Author: Artemisia Gentileshi
Painting: Judith and Maidservant with the Head of Holofernes. 1625
About the painting
Judith and Maidservant with the Head of Holofernes, circa 1625, is one of several paintings depicted by numerous authors about Judith, the fearless widow from The Book of Judith in the Old Testament. Artemisia Gentileschi herself painted four scenes of Judith’s story. Judith was an attractive Jewish princess, chosen by God, to save the Israelite town of Bethulia from an army siege commanded by Assyrian General Holofernes. Judith, accompanied by her maidservant, Ara, went to the campsite to find Holofernes and after using her seductive beauty, got him drunk and decapitated him with his own sword as he slept. Visibility in this painting is the spirit of the drama. The viewers are inescapably occupied in the action. The nervousness of the sight is contagious. The original work is located at The Detroit Institute of Art and measures 6’ ½” X 4’ 7 ¾”.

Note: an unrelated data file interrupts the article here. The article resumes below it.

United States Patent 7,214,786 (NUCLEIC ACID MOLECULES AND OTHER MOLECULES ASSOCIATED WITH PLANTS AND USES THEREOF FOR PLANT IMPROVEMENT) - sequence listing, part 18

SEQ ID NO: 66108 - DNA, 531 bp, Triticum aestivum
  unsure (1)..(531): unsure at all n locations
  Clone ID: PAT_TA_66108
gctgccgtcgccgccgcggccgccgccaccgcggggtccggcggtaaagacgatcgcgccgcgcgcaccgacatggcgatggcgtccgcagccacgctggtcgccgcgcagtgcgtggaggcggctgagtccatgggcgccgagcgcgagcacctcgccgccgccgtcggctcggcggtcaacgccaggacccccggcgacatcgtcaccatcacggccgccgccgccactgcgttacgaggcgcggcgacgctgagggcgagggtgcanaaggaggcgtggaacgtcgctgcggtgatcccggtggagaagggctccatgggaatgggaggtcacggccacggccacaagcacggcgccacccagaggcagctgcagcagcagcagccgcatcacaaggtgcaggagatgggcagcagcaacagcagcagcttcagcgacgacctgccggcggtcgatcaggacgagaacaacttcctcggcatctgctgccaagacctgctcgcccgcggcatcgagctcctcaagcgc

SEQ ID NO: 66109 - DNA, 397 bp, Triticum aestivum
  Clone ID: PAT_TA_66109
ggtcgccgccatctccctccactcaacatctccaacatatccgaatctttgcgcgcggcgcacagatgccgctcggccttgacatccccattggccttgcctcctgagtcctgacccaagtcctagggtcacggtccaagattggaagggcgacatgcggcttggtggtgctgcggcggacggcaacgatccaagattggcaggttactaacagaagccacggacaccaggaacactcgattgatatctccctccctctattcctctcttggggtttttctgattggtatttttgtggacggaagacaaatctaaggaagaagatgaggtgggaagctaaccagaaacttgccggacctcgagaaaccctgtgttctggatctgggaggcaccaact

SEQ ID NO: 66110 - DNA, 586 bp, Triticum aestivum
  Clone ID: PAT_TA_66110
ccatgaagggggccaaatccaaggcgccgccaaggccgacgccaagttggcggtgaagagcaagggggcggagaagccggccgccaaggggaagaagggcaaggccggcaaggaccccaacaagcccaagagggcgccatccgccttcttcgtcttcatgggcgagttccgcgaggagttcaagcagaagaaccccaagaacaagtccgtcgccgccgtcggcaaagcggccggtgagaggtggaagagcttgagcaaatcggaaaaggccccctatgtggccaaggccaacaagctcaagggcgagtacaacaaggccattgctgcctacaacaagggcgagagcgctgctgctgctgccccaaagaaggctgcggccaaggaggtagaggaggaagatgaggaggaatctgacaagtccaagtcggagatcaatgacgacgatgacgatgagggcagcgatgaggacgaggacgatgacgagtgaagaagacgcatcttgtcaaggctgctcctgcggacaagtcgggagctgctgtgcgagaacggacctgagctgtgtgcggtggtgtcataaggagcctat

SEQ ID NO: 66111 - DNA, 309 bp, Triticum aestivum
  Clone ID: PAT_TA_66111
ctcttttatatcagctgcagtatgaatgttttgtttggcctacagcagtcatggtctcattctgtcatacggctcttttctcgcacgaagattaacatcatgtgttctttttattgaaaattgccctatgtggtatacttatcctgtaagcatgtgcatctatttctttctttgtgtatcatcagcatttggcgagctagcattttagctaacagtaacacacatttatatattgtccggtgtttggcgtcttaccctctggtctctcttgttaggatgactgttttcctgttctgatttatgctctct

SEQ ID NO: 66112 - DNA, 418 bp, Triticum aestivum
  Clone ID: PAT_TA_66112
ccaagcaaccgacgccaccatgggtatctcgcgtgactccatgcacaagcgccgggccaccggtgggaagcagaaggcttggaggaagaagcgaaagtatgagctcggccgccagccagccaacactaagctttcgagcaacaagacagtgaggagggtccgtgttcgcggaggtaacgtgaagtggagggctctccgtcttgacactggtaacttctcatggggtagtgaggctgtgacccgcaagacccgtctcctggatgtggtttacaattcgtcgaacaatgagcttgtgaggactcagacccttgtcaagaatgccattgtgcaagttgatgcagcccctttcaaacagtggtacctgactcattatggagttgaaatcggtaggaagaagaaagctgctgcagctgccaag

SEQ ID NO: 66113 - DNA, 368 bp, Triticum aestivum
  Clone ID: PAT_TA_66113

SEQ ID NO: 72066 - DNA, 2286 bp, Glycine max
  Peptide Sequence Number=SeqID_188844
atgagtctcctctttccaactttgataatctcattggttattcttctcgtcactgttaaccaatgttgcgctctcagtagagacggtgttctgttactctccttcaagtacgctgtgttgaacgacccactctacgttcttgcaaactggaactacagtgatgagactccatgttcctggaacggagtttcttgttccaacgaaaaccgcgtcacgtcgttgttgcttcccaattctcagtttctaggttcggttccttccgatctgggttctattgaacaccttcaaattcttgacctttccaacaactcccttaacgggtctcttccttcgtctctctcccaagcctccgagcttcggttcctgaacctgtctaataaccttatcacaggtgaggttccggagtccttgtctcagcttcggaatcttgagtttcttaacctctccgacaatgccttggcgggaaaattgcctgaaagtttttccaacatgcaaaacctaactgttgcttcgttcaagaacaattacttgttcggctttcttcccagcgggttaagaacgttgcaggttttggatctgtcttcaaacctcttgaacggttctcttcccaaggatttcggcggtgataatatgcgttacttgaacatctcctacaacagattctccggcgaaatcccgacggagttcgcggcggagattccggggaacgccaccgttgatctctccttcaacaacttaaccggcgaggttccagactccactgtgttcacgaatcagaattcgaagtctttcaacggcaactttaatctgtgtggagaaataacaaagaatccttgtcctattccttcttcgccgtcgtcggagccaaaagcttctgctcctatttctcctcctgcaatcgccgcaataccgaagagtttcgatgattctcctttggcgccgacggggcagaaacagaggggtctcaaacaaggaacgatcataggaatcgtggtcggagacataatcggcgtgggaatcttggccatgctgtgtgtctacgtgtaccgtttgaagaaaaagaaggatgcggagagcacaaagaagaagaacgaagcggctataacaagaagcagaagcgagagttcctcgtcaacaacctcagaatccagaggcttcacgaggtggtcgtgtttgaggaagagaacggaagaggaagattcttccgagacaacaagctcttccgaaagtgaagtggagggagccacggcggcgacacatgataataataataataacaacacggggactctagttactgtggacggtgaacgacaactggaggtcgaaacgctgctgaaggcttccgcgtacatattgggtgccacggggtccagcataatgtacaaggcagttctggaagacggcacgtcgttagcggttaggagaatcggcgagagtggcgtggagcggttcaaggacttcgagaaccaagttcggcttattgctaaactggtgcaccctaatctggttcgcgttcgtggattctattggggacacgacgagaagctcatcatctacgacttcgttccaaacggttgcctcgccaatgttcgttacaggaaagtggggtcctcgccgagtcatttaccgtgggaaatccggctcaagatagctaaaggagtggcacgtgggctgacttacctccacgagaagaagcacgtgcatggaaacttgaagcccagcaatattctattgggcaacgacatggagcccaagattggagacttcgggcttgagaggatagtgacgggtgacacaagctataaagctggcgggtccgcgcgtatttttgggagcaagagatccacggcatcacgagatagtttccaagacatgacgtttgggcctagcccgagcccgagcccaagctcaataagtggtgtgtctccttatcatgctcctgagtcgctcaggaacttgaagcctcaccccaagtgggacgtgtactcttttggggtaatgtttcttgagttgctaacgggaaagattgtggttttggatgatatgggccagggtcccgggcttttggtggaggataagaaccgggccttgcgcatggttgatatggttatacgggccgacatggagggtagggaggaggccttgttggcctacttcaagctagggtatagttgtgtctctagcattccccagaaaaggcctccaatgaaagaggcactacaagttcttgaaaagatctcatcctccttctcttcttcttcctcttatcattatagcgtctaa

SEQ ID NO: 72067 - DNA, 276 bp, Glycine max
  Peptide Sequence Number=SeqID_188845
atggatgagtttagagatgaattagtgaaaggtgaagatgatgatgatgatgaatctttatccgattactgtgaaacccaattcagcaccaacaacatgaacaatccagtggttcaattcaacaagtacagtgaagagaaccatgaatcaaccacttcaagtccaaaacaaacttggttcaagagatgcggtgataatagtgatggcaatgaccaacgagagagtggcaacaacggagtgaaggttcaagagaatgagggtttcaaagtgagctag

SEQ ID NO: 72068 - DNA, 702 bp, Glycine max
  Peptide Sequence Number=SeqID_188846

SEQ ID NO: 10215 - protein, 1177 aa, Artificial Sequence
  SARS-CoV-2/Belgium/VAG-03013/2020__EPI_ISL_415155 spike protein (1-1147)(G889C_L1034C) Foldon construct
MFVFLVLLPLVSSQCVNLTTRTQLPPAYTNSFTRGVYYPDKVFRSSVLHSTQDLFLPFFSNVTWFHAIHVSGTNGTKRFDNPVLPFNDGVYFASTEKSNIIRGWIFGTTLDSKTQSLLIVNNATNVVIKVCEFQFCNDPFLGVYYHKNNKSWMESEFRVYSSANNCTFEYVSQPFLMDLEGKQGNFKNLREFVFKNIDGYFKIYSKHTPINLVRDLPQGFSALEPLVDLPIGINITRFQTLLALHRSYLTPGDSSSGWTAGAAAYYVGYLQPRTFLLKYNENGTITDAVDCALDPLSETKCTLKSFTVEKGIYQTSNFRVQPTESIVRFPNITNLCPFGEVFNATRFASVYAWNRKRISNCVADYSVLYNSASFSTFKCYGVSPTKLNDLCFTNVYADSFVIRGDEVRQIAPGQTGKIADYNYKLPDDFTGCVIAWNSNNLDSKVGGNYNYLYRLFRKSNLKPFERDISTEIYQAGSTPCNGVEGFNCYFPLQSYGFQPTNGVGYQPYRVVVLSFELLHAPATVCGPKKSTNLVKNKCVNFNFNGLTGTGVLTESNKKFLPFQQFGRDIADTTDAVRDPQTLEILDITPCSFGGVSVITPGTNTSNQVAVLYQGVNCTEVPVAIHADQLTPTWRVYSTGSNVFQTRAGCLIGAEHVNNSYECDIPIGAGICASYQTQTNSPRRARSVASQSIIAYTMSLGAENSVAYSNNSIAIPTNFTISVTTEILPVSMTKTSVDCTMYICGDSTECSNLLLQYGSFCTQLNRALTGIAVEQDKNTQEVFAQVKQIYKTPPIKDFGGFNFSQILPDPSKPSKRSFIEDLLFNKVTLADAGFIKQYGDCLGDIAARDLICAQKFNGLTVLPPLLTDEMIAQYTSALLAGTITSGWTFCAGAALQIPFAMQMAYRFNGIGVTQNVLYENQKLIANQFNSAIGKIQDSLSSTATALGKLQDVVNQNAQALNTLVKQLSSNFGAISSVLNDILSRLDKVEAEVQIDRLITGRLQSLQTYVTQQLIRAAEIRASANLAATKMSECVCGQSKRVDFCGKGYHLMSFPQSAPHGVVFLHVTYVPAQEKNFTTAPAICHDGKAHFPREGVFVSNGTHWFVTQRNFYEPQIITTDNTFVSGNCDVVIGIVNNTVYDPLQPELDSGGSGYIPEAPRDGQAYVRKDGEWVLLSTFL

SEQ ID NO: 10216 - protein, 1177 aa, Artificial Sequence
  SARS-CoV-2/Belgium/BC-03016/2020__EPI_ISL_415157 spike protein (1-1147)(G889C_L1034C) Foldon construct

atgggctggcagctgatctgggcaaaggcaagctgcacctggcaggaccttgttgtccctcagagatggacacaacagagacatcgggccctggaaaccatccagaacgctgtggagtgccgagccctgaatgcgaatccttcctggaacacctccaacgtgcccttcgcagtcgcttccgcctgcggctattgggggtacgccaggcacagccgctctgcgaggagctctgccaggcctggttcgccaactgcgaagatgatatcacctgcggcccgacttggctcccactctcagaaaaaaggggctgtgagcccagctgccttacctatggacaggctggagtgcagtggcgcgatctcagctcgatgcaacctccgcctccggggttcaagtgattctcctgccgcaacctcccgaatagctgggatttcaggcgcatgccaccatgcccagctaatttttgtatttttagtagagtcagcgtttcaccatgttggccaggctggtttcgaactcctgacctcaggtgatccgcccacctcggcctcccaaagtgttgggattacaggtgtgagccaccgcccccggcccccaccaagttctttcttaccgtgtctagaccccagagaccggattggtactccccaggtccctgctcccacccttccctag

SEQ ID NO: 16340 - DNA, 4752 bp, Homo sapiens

About the Artist
Artemisia Gentileshi, 1593-1654, was no ordinary girl for her times. Her father was a celebrated painter named Orazio Gentileshi, from whom she inherited her amazing talent for the arts. Most of Artemisia’s work was inspired by the endeavor of virtuous, martyrs, heroic and strong females from the mythology, classical literature and the bible. Being a victim herself of rape, her fondness of female dominance is remarkably present generally in her work.
About this analysis
Although the subject matter of this piece of art is somewhat macabre, the realism, since we can almost feel the fear of Judith and Ara of being discovered; plus the story behind the author and Judith, draw my interest and fascination to attempt this analysis of its visual elements and principles of design.
The Visual Elements and Principles of Design
The artist used efficiently, traditional actual lines to create a dramatic